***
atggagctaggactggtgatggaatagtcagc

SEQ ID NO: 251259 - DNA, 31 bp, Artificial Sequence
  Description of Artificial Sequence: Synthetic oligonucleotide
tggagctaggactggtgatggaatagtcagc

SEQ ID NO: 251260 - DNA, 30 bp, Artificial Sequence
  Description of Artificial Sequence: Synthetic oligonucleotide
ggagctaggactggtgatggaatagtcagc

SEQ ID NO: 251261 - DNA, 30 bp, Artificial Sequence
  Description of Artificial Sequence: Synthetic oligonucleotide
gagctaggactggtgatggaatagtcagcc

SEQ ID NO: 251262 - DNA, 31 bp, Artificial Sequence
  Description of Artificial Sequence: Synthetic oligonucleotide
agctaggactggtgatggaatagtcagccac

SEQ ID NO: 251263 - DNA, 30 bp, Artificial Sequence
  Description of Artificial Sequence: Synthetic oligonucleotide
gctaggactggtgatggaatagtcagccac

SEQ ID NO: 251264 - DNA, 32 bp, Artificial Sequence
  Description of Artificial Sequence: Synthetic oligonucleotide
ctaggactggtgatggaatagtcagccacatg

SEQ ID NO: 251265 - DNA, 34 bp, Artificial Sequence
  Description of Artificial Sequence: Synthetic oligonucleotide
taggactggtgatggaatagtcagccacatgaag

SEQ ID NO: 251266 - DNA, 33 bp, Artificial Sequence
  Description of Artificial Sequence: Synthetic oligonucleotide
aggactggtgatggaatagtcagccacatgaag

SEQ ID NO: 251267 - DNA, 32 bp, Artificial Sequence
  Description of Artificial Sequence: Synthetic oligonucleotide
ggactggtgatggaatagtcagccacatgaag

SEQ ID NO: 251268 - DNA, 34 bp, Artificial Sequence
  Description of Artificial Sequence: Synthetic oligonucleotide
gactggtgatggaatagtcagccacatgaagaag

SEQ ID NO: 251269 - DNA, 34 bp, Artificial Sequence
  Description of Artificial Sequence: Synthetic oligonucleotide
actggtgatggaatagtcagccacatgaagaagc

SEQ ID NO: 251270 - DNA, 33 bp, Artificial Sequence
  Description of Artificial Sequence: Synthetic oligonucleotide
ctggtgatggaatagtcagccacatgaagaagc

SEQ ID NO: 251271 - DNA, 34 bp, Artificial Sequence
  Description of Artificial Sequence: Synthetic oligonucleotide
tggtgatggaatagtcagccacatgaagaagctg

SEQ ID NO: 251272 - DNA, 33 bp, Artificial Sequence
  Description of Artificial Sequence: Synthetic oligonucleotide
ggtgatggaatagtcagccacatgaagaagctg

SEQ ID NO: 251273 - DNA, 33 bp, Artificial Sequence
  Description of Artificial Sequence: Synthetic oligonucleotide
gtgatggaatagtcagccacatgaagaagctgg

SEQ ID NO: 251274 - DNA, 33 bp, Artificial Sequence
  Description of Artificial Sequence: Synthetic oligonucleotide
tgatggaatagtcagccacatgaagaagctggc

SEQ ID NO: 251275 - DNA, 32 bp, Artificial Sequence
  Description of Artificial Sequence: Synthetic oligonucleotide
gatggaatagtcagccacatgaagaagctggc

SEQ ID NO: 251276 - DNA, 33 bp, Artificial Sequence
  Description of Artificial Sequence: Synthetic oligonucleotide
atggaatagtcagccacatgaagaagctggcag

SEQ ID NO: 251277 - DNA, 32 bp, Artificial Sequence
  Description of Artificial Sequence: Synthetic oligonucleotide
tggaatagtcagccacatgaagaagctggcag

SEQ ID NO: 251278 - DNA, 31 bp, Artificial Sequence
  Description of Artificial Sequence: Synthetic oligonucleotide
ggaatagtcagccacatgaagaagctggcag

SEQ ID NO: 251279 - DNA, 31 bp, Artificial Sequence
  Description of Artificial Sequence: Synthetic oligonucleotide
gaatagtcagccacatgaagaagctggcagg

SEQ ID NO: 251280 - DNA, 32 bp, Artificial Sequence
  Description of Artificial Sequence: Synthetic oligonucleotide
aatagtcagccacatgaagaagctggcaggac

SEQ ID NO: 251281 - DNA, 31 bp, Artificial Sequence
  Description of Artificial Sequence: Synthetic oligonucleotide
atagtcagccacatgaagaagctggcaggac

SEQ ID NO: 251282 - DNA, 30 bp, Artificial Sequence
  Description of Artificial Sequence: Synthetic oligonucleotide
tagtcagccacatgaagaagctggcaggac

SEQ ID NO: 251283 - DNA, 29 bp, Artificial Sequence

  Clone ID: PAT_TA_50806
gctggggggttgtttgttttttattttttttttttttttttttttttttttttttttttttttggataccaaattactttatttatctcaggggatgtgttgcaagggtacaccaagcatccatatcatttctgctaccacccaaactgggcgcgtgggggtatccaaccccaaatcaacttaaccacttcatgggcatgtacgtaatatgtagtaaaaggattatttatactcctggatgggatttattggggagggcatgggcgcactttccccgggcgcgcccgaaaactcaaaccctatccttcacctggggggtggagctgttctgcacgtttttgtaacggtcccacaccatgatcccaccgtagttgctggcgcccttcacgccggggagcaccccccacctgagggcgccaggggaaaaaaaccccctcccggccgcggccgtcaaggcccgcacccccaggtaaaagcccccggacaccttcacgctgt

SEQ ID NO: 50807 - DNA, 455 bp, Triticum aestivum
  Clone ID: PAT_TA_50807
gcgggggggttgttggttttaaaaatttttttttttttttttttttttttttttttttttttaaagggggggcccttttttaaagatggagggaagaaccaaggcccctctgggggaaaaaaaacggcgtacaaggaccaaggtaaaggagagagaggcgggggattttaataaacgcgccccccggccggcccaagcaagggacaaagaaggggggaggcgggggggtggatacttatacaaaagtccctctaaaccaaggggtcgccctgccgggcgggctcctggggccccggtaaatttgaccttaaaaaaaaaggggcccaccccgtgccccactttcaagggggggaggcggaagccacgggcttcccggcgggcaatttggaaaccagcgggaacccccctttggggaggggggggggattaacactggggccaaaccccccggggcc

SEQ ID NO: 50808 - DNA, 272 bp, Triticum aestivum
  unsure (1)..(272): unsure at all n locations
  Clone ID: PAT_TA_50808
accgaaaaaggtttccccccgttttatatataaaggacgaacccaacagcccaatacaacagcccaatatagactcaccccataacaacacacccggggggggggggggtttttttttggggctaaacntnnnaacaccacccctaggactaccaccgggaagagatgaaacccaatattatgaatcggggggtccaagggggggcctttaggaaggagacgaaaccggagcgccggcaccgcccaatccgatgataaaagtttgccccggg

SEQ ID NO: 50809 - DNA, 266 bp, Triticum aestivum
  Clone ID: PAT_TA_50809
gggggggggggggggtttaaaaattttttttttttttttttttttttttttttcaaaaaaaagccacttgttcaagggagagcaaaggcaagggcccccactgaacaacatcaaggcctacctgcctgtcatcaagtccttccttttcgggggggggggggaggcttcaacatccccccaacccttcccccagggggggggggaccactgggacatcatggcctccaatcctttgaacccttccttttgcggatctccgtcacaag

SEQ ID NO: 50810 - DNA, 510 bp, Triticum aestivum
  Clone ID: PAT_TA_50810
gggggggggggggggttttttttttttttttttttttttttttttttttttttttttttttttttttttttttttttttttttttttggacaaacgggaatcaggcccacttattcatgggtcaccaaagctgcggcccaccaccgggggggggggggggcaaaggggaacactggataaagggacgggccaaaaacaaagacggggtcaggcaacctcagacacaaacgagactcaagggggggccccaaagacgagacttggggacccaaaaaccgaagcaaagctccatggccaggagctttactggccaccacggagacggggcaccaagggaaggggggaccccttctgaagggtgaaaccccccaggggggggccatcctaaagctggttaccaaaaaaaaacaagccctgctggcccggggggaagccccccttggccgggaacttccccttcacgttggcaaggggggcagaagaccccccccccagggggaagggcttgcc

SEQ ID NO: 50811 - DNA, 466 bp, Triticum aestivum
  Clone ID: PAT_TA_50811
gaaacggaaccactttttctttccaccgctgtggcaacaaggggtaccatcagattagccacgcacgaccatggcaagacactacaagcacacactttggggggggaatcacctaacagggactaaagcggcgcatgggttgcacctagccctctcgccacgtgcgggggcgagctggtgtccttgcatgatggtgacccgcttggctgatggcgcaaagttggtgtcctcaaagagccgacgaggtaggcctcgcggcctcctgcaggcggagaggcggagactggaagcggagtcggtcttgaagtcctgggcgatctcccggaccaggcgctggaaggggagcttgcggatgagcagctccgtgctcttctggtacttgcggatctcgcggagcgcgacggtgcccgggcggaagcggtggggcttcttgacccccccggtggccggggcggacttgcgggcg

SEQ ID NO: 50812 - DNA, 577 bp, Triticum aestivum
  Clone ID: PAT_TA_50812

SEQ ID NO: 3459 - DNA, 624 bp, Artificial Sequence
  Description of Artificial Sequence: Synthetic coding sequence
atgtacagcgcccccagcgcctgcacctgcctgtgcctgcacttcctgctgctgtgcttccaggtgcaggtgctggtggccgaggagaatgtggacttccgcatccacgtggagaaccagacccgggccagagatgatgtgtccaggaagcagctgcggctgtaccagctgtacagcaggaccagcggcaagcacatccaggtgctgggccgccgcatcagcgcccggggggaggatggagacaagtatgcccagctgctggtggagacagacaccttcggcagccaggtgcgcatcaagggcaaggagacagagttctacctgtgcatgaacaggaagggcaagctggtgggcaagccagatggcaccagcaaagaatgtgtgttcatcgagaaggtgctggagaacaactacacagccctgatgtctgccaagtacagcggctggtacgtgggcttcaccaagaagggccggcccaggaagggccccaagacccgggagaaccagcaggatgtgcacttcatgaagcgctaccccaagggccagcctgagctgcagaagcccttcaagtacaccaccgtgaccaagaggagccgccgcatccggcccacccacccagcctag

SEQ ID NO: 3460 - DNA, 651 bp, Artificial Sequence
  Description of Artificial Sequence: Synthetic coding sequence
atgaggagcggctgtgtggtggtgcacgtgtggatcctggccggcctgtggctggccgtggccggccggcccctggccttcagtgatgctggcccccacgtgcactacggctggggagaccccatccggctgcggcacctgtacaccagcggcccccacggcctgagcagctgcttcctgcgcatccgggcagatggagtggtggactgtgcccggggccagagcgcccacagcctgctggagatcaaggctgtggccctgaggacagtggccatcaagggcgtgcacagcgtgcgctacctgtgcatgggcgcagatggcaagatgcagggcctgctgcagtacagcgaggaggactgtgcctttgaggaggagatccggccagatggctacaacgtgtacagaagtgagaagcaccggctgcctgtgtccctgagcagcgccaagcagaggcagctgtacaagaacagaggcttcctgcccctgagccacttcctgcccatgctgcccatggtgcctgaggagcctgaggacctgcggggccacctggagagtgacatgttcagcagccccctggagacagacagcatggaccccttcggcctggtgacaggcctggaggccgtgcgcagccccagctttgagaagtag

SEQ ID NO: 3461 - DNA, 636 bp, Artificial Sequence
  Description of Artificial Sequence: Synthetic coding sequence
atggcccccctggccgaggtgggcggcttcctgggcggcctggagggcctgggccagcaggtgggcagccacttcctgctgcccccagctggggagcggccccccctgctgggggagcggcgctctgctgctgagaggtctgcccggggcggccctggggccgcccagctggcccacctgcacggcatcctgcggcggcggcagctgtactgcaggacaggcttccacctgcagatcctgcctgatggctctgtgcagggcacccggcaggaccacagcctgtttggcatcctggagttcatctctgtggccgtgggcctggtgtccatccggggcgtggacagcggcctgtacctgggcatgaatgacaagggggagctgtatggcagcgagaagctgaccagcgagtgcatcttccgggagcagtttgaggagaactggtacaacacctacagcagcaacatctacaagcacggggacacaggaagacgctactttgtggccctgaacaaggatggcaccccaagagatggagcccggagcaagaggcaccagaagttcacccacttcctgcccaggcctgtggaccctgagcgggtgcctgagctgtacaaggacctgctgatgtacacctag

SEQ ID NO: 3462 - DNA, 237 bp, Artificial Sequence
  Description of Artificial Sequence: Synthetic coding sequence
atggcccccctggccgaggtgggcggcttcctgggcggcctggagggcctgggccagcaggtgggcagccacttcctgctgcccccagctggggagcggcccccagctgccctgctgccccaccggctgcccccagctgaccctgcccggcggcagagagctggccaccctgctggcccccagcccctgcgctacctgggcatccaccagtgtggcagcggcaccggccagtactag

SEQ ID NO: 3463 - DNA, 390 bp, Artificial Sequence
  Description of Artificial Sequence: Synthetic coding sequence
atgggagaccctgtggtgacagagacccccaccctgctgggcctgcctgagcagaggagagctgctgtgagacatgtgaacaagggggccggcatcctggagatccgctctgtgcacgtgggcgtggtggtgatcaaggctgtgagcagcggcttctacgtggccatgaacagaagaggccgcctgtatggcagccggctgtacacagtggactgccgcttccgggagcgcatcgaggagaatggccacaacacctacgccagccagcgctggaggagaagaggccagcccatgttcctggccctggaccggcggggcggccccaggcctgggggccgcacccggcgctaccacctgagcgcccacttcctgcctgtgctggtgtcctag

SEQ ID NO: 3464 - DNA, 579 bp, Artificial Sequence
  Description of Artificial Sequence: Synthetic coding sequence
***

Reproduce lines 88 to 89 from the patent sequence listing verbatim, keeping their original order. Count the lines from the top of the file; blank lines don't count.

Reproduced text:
  Clone ID: PAT_TA_50810
gggggggggggggggttttttttttttttttttttttttttttttttttttttttttttttttttttttttttttttttttttttttggacaaacgggaatcaggcccacttattcatgggtcaccaaagctgcggcccaccaccgggggggggggggggcaaaggggaacactggataaagggacgggccaaaaacaaagacggggtcaggcaacctcagacacaaacgagactcaagggggggccccaaagacgagacttggggacccaaaaaccgaagcaaagctccatggccaggagctttactggccaccacggagacggggcaccaagggaaggggggaccccttctgaagggtgaaaccccccaggggggggccatcctaaagctggttaccaaaaaaaaacaagccctgctggcccggggggaagccccccttggccgggaacttccccttcacgttggcaaggggggcagaagaccccccccccagggggaagggcttgcc